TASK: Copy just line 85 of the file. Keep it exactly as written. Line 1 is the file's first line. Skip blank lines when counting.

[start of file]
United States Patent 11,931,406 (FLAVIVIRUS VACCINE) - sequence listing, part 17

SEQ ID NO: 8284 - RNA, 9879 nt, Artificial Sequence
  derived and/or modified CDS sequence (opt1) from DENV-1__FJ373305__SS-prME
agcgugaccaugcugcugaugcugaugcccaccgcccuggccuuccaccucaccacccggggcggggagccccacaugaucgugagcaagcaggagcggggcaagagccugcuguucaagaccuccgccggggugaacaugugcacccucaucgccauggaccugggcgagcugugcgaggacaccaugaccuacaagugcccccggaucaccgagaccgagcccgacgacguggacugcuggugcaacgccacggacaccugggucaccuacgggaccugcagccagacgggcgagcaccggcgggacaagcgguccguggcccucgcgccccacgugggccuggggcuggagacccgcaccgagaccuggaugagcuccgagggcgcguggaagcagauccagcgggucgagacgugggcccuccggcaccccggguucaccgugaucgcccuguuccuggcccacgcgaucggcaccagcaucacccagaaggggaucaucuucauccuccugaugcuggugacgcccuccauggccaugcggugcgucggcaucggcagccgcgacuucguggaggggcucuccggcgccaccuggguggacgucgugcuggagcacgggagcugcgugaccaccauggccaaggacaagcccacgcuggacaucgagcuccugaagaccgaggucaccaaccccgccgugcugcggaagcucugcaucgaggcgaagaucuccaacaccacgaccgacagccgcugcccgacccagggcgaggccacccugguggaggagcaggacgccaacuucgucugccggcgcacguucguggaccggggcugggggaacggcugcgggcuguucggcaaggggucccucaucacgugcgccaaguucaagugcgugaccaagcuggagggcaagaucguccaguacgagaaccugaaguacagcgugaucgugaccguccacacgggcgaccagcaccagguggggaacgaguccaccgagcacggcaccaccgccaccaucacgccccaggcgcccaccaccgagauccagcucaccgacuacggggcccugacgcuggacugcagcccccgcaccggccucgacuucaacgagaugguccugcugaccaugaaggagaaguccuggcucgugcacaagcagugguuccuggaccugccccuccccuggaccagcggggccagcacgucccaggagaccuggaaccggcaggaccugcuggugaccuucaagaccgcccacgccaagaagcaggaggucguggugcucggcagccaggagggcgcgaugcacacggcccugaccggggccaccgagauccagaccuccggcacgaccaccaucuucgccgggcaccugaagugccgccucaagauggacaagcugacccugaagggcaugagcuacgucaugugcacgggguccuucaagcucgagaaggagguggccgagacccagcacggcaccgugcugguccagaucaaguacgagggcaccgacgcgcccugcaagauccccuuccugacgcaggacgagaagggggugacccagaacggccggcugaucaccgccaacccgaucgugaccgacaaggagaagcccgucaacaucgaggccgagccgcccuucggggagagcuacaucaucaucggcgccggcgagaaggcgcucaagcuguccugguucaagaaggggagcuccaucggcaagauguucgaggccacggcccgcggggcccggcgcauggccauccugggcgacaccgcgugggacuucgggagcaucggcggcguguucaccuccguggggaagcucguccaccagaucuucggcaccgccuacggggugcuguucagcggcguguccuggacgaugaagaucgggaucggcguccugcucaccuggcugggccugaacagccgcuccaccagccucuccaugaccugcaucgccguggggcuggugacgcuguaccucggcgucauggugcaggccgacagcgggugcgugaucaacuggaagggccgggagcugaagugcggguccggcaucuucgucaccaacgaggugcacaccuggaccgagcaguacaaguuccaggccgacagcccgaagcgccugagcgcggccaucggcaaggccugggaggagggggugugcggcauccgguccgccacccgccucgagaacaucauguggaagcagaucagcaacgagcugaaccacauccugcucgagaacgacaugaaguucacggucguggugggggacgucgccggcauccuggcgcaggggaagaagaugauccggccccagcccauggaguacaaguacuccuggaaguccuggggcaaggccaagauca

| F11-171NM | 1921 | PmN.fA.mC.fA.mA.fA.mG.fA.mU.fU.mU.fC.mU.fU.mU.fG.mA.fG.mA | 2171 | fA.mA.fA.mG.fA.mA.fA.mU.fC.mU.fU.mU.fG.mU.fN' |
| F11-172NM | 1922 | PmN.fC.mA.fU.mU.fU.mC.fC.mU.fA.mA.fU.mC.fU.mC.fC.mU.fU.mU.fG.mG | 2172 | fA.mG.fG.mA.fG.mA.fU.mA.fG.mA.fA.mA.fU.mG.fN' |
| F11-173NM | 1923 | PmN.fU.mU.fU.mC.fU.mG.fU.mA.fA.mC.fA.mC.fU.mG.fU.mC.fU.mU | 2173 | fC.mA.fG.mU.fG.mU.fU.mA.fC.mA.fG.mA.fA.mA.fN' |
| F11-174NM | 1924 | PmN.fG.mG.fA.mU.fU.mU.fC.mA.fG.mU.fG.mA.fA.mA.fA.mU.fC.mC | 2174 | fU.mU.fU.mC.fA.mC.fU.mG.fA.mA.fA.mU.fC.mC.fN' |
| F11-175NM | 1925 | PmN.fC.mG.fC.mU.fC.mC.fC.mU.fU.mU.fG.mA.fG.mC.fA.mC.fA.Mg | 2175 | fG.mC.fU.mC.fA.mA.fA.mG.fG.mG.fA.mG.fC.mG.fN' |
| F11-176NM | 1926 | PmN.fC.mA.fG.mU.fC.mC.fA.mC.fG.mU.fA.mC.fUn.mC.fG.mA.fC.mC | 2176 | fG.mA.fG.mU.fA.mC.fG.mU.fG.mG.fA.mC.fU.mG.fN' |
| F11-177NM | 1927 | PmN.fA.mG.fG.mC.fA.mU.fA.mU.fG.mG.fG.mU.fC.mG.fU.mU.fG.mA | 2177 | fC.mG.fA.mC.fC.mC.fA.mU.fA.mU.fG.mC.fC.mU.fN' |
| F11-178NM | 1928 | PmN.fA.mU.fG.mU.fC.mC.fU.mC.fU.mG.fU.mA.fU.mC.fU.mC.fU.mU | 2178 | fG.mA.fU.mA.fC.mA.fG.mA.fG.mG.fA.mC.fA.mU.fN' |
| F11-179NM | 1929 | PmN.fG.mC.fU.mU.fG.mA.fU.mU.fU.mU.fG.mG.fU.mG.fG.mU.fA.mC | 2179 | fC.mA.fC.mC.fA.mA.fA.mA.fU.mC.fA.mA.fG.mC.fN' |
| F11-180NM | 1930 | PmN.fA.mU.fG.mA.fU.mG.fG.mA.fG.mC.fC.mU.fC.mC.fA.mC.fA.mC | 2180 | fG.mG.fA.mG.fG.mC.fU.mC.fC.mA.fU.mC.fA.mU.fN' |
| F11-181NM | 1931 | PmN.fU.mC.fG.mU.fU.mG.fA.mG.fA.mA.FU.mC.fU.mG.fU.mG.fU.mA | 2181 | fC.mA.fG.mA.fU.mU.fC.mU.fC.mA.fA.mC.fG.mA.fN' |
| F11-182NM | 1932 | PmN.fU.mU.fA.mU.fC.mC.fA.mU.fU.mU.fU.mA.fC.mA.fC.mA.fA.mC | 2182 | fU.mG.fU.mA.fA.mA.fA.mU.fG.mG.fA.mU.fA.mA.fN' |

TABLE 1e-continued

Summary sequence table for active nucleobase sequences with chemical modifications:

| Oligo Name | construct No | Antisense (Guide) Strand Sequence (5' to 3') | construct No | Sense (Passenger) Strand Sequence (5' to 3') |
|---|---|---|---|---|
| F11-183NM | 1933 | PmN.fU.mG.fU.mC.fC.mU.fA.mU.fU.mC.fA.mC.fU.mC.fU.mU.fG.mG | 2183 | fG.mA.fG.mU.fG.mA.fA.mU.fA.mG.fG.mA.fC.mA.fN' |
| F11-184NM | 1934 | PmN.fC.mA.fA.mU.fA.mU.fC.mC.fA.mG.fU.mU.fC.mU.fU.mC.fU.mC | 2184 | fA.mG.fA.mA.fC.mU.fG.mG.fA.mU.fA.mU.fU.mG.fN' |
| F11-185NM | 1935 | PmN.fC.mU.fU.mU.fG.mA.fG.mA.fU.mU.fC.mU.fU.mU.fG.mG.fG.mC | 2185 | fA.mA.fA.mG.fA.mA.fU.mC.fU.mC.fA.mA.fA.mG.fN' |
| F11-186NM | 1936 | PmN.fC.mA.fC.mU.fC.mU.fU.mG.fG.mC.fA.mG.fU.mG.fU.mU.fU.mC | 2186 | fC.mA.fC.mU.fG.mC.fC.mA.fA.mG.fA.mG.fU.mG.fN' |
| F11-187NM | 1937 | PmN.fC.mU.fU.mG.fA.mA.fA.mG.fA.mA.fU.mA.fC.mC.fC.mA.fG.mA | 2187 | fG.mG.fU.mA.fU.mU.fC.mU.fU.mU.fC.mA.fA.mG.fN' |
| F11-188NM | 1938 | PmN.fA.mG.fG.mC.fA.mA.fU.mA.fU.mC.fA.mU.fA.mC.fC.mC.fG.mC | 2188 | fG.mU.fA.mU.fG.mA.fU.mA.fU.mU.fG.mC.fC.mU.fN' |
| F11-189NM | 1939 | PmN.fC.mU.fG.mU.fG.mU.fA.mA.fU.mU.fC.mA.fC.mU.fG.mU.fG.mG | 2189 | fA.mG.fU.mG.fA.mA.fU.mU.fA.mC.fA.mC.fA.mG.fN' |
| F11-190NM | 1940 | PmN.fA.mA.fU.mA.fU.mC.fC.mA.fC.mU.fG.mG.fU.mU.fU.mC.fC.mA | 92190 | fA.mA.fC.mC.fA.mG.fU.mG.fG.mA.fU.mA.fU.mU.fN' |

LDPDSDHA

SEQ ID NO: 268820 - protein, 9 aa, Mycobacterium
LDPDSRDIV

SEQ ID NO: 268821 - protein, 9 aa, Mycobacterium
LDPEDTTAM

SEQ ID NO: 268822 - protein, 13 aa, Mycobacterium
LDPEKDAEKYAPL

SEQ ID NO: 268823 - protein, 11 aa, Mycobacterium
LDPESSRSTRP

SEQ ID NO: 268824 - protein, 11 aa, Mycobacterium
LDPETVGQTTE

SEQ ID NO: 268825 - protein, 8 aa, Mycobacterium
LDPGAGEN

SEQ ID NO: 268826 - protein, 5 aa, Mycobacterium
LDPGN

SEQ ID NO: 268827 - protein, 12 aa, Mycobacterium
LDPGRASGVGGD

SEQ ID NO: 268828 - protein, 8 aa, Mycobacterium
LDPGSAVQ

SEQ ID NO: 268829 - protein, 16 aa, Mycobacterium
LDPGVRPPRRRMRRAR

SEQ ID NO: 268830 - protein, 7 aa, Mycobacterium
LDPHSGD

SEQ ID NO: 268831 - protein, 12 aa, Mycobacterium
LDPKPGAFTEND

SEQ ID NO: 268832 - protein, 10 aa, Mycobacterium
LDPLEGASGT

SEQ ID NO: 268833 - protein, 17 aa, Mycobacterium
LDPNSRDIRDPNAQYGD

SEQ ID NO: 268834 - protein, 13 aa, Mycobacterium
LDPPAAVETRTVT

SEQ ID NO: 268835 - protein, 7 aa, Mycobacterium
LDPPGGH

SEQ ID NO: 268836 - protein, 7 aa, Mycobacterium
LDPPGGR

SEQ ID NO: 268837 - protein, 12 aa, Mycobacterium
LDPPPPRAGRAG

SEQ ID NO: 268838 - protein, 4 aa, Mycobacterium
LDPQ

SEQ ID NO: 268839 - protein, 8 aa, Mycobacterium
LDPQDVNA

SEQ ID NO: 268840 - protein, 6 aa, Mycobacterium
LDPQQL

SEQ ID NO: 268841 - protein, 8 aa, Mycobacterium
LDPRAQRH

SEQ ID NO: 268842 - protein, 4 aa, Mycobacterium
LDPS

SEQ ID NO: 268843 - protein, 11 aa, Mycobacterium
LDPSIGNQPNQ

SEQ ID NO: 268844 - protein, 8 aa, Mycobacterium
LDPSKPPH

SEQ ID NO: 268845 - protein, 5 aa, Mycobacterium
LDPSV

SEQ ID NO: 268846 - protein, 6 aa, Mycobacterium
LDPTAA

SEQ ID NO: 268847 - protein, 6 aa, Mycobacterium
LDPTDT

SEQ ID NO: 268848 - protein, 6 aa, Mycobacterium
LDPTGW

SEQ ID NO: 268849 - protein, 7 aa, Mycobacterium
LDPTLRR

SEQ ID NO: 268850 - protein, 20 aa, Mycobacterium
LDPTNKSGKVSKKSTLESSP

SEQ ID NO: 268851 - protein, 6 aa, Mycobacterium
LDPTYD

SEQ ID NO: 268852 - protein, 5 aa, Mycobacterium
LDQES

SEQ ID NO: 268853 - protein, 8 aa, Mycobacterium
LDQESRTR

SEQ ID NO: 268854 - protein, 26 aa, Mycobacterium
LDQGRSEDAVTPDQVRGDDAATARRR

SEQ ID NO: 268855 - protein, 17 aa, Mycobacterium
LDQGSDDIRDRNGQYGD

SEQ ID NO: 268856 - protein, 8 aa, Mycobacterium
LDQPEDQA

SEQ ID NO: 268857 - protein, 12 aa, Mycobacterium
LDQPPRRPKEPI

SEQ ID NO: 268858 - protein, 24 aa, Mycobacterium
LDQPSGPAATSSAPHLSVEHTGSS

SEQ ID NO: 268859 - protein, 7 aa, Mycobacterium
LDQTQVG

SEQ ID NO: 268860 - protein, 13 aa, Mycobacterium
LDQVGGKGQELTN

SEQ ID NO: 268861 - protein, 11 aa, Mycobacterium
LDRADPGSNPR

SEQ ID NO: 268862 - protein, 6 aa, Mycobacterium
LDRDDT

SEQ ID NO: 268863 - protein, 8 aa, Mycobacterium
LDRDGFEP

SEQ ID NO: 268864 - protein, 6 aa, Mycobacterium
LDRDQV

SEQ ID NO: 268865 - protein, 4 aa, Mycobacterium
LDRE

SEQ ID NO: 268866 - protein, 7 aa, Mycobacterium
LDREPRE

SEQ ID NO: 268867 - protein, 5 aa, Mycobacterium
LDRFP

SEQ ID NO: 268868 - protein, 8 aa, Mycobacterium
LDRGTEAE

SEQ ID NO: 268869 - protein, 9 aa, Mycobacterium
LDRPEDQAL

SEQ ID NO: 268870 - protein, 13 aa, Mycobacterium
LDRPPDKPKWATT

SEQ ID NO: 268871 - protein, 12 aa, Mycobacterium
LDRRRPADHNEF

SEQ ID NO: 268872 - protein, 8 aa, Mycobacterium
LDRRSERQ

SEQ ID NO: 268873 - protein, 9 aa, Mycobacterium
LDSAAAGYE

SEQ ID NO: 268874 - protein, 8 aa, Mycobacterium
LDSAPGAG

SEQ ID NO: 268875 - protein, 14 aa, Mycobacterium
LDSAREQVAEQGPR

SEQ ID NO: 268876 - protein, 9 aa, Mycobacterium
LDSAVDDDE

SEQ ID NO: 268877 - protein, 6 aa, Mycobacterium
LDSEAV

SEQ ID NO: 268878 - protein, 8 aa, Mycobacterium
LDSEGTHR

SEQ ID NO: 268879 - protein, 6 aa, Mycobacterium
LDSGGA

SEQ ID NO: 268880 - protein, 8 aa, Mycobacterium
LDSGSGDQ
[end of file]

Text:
LDPTDT